Smethport Web — by Nathan Muller
The Smethport Area Chamber of Commerce held its 11th annual business dinner Wednesday at the American Legion hall. The event drew 38 attendees who enjoyed drinks and appetizers during the social hour, while country singer Kaitlyn Hallock from Bradford provided the evening’s entertainment.
Following a fabulous dinner prepared by volunteers from the American Legion Auxiliary, Charles Leasure, Superintendent of the Smethport Area School District, gave an insightful presentation on “Connecting Business with Education.”
Leasure noted how unprepared today’s young people are for achieving the American Dream and how poorly the U.S. fares in relation to other countries competing with us in the global economy. In terms of high school and college graduation rates, as well as employment, we have allowed ourselves to fall behind, he said.
“It’s not so much that we are doing everything wrong, it’s that the rest of the world has finally caught up,” Leasure said.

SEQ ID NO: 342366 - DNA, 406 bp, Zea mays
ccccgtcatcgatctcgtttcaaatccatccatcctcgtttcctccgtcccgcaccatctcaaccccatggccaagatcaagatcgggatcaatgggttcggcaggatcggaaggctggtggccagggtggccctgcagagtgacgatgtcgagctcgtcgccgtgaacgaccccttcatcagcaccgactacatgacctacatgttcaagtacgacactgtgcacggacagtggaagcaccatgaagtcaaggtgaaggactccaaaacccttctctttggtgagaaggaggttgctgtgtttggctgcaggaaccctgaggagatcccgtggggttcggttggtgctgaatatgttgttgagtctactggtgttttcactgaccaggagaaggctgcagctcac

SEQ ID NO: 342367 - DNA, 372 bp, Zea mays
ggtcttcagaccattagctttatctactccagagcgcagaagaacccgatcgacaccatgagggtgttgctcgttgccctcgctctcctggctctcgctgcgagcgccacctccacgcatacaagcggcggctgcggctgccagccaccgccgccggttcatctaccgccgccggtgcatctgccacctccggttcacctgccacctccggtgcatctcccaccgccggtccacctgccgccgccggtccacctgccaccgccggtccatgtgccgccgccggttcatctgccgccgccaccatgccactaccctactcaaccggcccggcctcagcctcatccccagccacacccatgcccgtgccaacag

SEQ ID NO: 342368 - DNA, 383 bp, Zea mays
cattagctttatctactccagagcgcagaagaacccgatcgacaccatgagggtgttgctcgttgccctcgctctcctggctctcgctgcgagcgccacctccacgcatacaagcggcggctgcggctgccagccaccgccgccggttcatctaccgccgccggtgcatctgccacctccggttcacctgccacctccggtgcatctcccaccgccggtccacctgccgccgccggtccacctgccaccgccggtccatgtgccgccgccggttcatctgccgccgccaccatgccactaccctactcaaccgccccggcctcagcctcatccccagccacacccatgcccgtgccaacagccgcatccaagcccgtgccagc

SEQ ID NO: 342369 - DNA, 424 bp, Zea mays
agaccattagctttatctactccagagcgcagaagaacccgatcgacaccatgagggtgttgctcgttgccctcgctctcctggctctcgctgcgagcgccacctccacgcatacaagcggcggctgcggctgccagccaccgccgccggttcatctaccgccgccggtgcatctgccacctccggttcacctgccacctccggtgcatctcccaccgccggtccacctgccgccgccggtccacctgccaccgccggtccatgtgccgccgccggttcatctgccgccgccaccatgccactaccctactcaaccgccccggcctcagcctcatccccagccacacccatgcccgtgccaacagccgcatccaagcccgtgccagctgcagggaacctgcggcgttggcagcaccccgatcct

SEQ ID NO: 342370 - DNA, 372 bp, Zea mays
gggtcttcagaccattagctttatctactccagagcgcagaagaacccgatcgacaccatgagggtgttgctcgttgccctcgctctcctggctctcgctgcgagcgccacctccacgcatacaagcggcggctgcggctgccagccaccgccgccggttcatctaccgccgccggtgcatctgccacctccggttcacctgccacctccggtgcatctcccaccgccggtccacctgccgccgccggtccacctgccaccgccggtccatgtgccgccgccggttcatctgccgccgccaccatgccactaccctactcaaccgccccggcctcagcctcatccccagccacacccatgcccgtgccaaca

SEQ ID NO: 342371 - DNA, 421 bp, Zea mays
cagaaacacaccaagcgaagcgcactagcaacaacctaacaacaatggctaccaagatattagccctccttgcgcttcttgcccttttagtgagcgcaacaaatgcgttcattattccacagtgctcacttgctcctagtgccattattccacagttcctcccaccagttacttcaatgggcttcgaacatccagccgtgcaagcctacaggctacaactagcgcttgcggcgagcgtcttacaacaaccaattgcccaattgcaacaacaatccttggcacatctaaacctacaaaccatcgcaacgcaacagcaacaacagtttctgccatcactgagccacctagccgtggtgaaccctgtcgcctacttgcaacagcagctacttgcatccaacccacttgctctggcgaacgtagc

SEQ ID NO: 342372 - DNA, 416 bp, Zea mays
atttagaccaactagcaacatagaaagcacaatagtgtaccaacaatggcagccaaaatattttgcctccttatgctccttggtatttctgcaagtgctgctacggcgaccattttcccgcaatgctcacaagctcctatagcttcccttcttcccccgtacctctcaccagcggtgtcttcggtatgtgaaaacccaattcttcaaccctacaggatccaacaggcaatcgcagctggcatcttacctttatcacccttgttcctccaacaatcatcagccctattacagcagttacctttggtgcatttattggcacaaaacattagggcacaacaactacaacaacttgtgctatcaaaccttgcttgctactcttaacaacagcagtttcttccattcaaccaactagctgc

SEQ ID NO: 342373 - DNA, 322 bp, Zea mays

One of the success factors driving other economies is the emphasis school systems in other countries place on vocational and technical training. Leasure said that students are tracked into these programs at the middle school level, and by the time they graduate they step right into well paying jobs.
According to Leasure, high school education in the U.S. is still focused on reading from books, rather than demonstrating the relevance of math and science through practical application, as is done in vocational programs.
Leasure noted that not all students in the U.S. need to go to college to enjoy meaningful careers and good jobs, nor should it be the overriding goal of our school systems to send every student to college. He said even certificate programs in medical services and law enforcement can qualify young people for salaries between $30,000 and $40,000 a year, and a career path to even more opportunities.
Citing President Barak Obama’s support of community colleges as a way to create pathways to jobs and specialized training, Leasure noted that Pennsylvania has no community college north of Interstate 80. “Although plans have been discussed from time to time, nothing has happened yet.” This is in stark contrast to Virginia where, Leasure said, every resident is within 40 minutes of a community college.
Leasure said that the “one size fits all” approach to education in the U.S. has to change in favor of a mixed approach that is more responsive to student needs and more suited to preparing them for participating in the increasingly competitive global economy of the 21st Century.